[By Alistair Fairweather]
It’s unusual for consumers to know the name of the CEO of the company whose products they buy. Few people can name the CEO of Toyota, or LG. But how many of us know who runs Apple? Most ordinary folks have no trouble naming him.
Steve Jobs has built a personality cult around himself, either unintentionally or by design (probably a bit of both). The same cannot be said for Microsoft’s long-running CEO Steve Ballmer. He’s well known in the tech industry, but outside of it most people think that his old boss, Bill Gates, still runs Microsoft.
So what? Being a successful CEO is about results, not PR fluff, right? Agreed, but by all measures Jobs is the clear winner in both categories. If you don’t believe me, take a look at a comparison of share prices since January 2000 when Ballmer took over as CEO.
That’s right, Apple is up over 1 200% and Microsoft is down over 50%. That means if you’d invested R100 in Apple in the year 2000, it would now be worth R1 280. The same money invested in Microsoft would be worth R46. Over the same period, IBM — an even more venerable tech giant — grew in value by 45%. Not great, but better than a loss.
Of course, share price isn’t everything. A more important measure is market capitalisation — the total amount that all company’s existing shares are worth at the current share price. This gives a much better view on a company’s real value. Right now Apple’s market cap is US$325bn and Microsoft’s is $223bn.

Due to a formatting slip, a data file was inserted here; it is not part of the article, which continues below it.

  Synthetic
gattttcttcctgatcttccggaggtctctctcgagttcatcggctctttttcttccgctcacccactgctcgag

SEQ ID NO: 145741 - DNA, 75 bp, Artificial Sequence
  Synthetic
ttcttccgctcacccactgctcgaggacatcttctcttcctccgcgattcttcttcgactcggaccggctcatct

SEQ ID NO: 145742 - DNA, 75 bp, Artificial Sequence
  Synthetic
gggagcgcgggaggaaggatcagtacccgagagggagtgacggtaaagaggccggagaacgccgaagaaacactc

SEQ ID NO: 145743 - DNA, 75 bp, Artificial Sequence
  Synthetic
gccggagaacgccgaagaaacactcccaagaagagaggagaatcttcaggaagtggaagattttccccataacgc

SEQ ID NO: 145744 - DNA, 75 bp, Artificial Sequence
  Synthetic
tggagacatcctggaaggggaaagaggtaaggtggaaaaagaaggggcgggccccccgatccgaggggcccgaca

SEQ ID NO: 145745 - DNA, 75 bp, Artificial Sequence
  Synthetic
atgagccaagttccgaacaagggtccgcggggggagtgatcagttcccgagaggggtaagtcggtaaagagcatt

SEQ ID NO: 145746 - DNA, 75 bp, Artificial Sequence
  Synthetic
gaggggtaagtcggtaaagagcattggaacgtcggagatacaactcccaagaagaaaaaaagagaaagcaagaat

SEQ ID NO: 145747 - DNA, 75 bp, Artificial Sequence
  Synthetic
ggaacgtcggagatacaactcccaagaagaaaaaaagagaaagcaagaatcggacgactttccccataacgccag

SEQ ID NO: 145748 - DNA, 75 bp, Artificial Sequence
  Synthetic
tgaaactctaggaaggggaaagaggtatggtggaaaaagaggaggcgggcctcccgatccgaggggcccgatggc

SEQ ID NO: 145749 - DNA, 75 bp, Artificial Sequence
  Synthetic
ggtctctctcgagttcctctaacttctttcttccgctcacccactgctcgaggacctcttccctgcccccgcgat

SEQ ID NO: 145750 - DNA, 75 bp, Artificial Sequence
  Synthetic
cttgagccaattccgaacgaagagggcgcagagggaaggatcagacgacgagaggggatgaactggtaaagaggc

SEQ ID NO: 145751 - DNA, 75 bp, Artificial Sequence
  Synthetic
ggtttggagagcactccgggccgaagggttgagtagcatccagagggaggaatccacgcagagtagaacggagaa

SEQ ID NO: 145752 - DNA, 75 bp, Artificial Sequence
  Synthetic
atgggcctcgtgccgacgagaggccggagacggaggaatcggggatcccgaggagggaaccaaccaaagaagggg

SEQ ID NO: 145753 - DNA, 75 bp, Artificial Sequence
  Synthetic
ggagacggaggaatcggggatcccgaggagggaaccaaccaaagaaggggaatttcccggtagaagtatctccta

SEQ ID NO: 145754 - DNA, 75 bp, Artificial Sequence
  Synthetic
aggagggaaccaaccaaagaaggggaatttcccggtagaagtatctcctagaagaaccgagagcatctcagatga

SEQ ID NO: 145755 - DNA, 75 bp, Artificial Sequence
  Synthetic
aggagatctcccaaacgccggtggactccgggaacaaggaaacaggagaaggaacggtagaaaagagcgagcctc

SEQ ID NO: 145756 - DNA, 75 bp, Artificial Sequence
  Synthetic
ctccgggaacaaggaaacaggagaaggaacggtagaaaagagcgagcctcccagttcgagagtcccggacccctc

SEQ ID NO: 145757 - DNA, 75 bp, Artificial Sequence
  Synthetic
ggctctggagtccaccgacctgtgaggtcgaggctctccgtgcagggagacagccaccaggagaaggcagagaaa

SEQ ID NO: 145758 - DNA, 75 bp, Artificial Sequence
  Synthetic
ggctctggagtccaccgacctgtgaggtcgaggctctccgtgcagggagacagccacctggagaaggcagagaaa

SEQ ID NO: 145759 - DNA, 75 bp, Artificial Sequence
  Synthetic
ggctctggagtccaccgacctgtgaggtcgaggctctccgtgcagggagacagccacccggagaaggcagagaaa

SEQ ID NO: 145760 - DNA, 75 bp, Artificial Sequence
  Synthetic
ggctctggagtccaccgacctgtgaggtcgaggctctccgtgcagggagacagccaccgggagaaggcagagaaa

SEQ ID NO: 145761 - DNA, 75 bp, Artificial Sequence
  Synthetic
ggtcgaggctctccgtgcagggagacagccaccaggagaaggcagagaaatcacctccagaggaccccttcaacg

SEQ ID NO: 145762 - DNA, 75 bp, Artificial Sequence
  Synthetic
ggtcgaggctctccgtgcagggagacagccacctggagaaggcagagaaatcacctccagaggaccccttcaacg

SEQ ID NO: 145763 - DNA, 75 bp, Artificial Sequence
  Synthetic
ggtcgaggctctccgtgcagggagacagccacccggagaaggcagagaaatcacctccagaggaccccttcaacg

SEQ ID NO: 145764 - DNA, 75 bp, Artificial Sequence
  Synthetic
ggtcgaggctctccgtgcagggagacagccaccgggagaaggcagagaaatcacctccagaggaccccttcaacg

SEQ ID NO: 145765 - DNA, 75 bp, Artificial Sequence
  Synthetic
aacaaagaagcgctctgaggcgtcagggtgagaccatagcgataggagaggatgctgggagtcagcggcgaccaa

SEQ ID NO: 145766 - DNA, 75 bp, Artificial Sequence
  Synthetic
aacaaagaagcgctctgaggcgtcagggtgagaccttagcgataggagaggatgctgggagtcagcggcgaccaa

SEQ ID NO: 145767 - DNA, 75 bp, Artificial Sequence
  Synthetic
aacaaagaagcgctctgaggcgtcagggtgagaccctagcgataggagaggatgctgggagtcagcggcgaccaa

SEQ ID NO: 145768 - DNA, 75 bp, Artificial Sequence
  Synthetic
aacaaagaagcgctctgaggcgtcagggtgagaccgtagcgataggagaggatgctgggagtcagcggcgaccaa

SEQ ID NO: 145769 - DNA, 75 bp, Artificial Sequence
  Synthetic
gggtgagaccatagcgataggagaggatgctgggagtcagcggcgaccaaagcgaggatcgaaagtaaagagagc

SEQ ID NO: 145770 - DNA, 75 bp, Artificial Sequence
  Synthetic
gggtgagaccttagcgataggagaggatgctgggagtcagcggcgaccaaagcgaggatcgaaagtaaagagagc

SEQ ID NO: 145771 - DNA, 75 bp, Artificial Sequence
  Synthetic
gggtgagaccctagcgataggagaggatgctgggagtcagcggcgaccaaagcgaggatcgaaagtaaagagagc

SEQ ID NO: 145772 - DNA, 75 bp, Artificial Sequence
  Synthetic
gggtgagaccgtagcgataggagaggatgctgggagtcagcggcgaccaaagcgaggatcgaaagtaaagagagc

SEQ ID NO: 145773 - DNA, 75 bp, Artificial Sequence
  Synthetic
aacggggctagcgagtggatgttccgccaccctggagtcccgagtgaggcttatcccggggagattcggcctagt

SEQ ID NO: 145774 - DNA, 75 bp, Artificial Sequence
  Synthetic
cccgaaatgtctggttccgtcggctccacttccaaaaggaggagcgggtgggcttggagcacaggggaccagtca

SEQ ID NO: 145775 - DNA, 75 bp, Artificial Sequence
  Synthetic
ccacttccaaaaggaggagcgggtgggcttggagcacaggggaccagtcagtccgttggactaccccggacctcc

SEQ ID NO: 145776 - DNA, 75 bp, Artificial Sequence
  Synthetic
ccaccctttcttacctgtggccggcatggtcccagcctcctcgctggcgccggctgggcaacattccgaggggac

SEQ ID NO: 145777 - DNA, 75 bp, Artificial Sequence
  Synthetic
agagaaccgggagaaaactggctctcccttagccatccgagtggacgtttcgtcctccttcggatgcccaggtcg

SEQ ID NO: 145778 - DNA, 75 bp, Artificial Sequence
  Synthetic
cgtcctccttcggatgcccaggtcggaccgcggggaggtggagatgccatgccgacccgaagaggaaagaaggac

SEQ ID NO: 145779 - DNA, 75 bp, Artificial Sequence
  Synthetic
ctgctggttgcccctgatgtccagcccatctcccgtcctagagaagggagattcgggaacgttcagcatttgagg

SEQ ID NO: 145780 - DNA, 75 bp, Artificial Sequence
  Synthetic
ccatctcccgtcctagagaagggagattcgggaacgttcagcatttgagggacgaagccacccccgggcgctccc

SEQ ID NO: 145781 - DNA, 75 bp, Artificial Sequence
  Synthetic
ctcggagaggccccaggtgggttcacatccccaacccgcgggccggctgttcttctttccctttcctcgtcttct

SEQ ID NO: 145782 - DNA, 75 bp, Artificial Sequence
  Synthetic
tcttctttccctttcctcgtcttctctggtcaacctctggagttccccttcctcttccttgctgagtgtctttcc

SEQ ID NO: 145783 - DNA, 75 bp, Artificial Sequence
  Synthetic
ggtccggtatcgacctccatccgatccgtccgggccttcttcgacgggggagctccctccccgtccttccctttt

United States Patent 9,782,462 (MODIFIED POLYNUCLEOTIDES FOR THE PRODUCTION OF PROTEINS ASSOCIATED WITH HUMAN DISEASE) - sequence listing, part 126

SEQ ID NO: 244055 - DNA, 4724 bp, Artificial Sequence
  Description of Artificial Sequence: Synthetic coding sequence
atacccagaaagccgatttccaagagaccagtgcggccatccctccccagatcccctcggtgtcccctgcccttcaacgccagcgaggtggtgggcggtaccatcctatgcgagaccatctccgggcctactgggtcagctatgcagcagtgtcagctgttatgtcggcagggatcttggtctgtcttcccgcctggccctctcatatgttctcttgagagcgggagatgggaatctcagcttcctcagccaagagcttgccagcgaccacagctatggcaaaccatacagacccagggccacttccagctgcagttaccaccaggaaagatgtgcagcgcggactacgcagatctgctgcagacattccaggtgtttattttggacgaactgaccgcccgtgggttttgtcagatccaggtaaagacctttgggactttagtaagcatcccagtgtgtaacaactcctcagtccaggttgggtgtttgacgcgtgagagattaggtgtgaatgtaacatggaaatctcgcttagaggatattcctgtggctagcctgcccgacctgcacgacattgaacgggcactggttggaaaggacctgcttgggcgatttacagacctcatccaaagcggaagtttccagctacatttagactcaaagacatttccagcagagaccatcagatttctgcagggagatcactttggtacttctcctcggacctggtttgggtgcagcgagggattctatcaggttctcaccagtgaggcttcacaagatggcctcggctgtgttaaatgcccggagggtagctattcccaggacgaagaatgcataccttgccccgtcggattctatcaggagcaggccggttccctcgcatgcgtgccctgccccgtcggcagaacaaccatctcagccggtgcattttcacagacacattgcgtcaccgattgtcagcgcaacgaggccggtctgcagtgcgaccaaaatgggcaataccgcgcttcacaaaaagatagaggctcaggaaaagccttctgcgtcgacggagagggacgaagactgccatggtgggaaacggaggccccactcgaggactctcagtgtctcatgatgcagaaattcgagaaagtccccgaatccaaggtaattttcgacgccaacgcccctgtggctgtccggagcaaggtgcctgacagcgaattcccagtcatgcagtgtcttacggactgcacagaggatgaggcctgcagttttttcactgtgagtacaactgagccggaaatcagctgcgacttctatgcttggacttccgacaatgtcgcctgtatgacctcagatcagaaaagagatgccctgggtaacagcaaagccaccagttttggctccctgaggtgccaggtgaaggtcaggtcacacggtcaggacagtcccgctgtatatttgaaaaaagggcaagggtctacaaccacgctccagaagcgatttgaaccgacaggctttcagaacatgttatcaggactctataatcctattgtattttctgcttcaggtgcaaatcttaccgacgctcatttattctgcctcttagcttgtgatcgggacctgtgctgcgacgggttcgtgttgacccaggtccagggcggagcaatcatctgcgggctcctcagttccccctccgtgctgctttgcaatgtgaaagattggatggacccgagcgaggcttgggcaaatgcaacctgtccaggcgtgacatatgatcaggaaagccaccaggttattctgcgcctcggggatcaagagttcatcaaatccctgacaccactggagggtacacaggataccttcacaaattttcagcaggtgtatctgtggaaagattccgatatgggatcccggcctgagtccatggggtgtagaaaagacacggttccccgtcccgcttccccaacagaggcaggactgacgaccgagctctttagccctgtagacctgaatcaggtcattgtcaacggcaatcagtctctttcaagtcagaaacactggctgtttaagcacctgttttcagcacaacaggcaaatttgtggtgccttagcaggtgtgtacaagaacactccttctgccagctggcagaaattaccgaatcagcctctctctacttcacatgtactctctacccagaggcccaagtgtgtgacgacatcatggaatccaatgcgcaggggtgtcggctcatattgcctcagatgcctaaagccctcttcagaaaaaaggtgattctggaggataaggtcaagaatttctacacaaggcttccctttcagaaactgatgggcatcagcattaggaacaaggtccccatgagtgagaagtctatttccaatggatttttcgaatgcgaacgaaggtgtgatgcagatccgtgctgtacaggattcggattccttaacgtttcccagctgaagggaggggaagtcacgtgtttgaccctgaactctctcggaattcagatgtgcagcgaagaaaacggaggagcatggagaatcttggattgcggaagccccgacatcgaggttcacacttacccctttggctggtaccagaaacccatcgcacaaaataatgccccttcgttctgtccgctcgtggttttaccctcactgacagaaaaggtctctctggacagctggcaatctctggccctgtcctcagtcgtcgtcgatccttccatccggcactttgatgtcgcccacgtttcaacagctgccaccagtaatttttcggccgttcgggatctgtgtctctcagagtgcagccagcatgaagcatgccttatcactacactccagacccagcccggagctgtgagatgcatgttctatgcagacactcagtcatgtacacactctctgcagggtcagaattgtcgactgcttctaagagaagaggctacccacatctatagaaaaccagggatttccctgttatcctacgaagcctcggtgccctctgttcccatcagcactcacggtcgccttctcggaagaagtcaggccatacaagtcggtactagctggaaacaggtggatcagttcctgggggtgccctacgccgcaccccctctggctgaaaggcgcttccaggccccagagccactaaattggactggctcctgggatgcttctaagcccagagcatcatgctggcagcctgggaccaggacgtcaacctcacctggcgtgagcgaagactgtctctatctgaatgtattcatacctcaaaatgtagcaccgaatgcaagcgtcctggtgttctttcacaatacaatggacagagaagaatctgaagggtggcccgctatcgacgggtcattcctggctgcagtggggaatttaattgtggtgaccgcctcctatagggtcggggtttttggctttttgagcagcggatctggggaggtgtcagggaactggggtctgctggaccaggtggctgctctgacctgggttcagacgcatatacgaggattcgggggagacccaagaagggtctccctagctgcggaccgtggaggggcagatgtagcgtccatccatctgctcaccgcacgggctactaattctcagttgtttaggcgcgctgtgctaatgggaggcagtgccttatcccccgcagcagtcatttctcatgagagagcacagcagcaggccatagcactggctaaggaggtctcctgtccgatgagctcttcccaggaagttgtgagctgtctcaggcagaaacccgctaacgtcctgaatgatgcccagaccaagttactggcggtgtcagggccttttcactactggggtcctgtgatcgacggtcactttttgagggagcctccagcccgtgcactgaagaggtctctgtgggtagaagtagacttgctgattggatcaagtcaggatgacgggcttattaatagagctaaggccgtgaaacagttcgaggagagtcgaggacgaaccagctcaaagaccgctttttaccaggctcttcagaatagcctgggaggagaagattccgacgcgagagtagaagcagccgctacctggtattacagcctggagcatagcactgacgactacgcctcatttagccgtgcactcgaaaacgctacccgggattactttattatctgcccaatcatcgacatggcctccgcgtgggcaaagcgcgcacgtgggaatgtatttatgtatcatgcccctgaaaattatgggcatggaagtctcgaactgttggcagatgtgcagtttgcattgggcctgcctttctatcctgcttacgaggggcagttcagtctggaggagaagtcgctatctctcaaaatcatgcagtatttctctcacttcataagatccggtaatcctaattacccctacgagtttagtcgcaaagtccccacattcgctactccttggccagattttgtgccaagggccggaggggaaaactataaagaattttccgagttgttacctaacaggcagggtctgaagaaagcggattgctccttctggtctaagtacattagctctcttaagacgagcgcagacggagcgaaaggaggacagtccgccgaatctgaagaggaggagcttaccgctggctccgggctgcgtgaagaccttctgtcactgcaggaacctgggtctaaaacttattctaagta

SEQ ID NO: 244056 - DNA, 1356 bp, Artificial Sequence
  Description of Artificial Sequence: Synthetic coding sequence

What’s most startling is that Apple only surpassed Microsoft in market cap in May last year, and already it is worth $100bn more than its old rival. In fact, Apple is now worth as much as Microsoft, HP and Dell combined.
To many people, that’s a sign that Apple is overvalued. They may have a point since the best indicator of a company’s long-term value is its earnings. Apple only surpassed Microsoft in net profits for the first time in April this year. Apple made $5,99bn in its last quarter versus Microsoft’s $5,23bn.
So why the huge gap in share price and market cap? Simply put, the market does not have confidence in Microsoft’s long-term earning potential, whereas they believe Apple’s still has a long way to grow before it plateaus.
Where Microsoft is still shackled to its legacy platforms — the Windows operating system and Office automation tools — Apple has created an entirely new market every two years for the last decade. First the iPod, then iTunes, then the iPhone and its related app store and now the iPad. All of these markets are booming simultaneously, driving Apple’s market share and profits relentlessly upwards.
As a CEO you’re only as good as your last three major decisions. By that yardstick Ballmer is even further behind Jobs than the money suggests. So far this year he has struck an expensive deal with Nokia in a bid to buy his way into the mobile market (in which Microsoft has conspicuously failed, despite a decade of attempts), overpaid by at least 50% for Skype (which makes zero profits) and successfully alienated his rank and file employees with a pointless reshuffle.